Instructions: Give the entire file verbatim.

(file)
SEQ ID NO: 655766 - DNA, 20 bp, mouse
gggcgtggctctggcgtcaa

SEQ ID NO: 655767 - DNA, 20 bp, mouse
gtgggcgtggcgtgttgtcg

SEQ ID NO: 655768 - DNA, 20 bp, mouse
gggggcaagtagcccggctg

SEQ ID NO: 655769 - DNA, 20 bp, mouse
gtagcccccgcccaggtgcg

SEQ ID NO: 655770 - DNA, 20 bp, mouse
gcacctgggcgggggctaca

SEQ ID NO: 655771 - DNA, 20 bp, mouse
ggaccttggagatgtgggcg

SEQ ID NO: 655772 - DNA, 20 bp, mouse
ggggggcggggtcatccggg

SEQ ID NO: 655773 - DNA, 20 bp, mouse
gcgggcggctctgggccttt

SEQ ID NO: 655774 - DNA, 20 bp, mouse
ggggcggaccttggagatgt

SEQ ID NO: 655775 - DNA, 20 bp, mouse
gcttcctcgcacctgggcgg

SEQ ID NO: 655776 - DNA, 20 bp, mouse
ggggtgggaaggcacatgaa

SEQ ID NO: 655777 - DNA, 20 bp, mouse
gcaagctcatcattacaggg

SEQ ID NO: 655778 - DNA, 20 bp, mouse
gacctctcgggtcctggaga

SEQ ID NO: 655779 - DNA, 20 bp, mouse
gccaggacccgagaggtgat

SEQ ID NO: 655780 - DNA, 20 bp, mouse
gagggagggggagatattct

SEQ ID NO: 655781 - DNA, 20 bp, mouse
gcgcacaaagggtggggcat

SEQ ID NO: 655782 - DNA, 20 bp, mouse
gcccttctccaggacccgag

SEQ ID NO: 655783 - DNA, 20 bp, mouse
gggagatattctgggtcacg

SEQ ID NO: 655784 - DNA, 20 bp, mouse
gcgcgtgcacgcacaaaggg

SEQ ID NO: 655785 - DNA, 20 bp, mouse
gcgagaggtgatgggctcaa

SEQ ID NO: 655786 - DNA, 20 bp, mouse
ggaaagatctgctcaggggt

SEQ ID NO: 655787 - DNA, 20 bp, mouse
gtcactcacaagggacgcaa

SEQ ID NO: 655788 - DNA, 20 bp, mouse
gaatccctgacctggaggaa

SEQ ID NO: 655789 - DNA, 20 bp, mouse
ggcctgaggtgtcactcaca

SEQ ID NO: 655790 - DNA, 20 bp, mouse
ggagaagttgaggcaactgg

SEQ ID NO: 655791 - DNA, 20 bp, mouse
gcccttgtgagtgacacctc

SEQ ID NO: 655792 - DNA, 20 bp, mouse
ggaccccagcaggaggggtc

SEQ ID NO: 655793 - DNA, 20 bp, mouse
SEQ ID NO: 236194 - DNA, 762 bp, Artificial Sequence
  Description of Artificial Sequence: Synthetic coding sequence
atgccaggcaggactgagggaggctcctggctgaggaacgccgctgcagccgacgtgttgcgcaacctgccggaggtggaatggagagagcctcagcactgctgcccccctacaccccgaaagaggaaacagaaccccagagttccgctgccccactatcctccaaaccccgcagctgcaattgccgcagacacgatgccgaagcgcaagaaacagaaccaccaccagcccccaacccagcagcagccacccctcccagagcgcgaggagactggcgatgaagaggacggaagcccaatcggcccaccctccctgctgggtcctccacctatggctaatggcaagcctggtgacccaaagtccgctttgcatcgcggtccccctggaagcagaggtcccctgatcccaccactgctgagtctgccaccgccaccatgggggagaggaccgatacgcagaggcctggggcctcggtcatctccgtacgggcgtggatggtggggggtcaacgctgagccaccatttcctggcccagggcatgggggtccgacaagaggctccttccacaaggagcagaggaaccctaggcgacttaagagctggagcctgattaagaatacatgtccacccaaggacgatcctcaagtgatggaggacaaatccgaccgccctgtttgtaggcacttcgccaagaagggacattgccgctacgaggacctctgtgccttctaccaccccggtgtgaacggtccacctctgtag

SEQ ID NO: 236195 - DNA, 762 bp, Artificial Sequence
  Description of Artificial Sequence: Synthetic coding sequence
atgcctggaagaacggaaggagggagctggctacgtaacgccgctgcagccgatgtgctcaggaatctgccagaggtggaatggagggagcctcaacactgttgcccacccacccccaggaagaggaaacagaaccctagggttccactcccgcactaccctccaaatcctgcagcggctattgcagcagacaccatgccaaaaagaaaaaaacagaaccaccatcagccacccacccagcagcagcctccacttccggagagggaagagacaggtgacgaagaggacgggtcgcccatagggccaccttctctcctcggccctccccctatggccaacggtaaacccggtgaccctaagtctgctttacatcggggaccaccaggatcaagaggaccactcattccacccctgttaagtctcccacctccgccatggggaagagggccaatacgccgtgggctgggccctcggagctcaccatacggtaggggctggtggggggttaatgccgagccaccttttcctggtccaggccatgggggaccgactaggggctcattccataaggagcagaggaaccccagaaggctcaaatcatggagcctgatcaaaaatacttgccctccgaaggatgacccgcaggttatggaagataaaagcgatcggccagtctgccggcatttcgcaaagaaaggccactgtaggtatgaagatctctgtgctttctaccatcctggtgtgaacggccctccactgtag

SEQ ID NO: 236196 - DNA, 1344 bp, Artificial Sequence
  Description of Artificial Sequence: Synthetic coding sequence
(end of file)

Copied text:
SEQ ID NO: 655766 - DNA, 20 bp, mouse
gggcgtggctctggcgtcaa

SEQ ID NO: 655767 - DNA, 20 bp, mouse
gtgggcgtggcgtgttgtcg

SEQ ID NO: 655768 - DNA, 20 bp, mouse
gggggcaagtagcccggctg

SEQ ID NO: 655769 - DNA, 20 bp, mouse
gtagcccccgcccaggtgcg

SEQ ID NO: 655770 - DNA, 20 bp, mouse
gcacctgggcgggggctaca

SEQ ID NO: 655771 - DNA, 20 bp, mouse
ggaccttggagatgtgggcg

SEQ ID NO: 655772 - DNA, 20 bp, mouse
ggggggcggggtcatccggg

SEQ ID NO: 655773 - DNA, 20 bp, mouse
gcgggcggctctgggccttt

SEQ ID NO: 655774 - DNA, 20 bp, mouse
ggggcggaccttggagatgt

SEQ ID NO: 655775 - DNA, 20 bp, mouse
gcttcctcgcacctgggcgg

SEQ ID NO: 655776 - DNA, 20 bp, mouse
ggggtgggaaggcacatgaa

SEQ ID NO: 655777 - DNA, 20 bp, mouse
gcaagctcatcattacaggg

SEQ ID NO: 655778 - DNA, 20 bp, mouse
gacctctcgggtcctggaga

SEQ ID NO: 655779 - DNA, 20 bp, mouse
gccaggacccgagaggtgat

SEQ ID NO: 655780 - DNA, 20 bp, mouse
gagggagggggagatattct

SEQ ID NO: 655781 - DNA, 20 bp, mouse
gcgcacaaagggtggggcat

SEQ ID NO: 655782 - DNA, 20 bp, mouse
gcccttctccaggacccgag

SEQ ID NO: 655783 - DNA, 20 bp, mouse
gggagatattctgggtcacg

SEQ ID NO: 655784 - DNA, 20 bp, mouse
gcgcgtgcacgcacaaaggg

SEQ ID NO: 655785 - DNA, 20 bp, mouse
gcgagaggtgatgggctcaa

SEQ ID NO: 655786 - DNA, 20 bp, mouse
ggaaagatctgctcaggggt

SEQ ID NO: 655787 - DNA, 20 bp, mouse
gtcactcacaagggacgcaa

SEQ ID NO: 655788 - DNA, 20 bp, mouse
gaatccctgacctggaggaa

SEQ ID NO: 655789 - DNA, 20 bp, mouse
ggcctgaggtgtcactcaca

SEQ ID NO: 655790 - DNA, 20 bp, mouse
ggagaagttgaggcaactgg

SEQ ID NO: 655791 - DNA, 20 bp, mouse
gcccttgtgagtgacacctc

SEQ ID NO: 655792 - DNA, 20 bp, mouse
ggaccccagcaggaggggtc

SEQ ID NO: 655793 - DNA, 20 bp, mouse
SEQ ID NO: 236194 - DNA, 762 bp, Artificial Sequence
  Description of Artificial Sequence: Synthetic coding sequence
atgccaggcaggactgagggaggctcctggctgaggaacgccgctgcagccgacgtgttgcgcaacctgccggaggtggaatggagagagcctcagcactgctgcccccctacaccccgaaagaggaaacagaaccccagagttccgctgccccactatcctccaaaccccgcagctgcaattgccgcagacacgatgccgaagcgcaagaaacagaaccaccaccagcccccaacccagcagcagccacccctcccagagcgcgaggagactggcgatgaagaggacggaagcccaatcggcccaccctccctgctgggtcctccacctatggctaatggcaagcctggtgacccaaagtccgctttgcatcgcggtccccctggaagcagaggtcccctgatcccaccactgctgagtctgccaccgccaccatgggggagaggaccgatacgcagaggcctggggcctcggtcatctccgtacgggcgtggatggtggggggtcaacgctgagccaccatttcctggcccagggcatgggggtccgacaagaggctccttccacaaggagcagaggaaccctaggcgacttaagagctggagcctgattaagaatacatgtccacccaaggacgatcctcaagtgatggaggacaaatccgaccgccctgtttgtaggcacttcgccaagaagggacattgccgctacgaggacctctgtgccttctaccaccccggtgtgaacggtccacctctgtag

SEQ ID NO: 236195 - DNA, 762 bp, Artificial Sequence
  Description of Artificial Sequence: Synthetic coding sequence
atgcctggaagaacggaaggagggagctggctacgtaacgccgctgcagccgatgtgctcaggaatctgccagaggtggaatggagggagcctcaacactgttgcccacccacccccaggaagaggaaacagaaccctagggttccactcccgcactaccctccaaatcctgcagcggctattgcagcagacaccatgccaaaaagaaaaaaacagaaccaccatcagccacccacccagcagcagcctccacttccggagagggaagagacaggtgacgaagaggacgggtcgcccatagggccaccttctctcctcggccctccccctatggccaacggtaaacccggtgaccctaagtctgctttacatcggggaccaccaggatcaagaggaccactcattccacccctgttaagtctcccacctccgccatggggaagagggccaatacgccgtgggctgggccctcggagctcaccatacggtaggggctggtggggggttaatgccgagccaccttttcctggtccaggccatgggggaccgactaggggctcattccataaggagcagaggaaccccagaaggctcaaatcatggagcctgatcaaaaatacttgccctccgaaggatgacccgcaggttatggaagataaaagcgatcggccagtctgccggcatttcgcaaagaaaggccactgtaggtatgaagatctctgtgctttctaccatcctggtgtgaacggccctccactgtag

SEQ ID NO: 236196 - DNA, 1344 bp, Artificial Sequence
  Description of Artificial Sequence: Synthetic coding sequence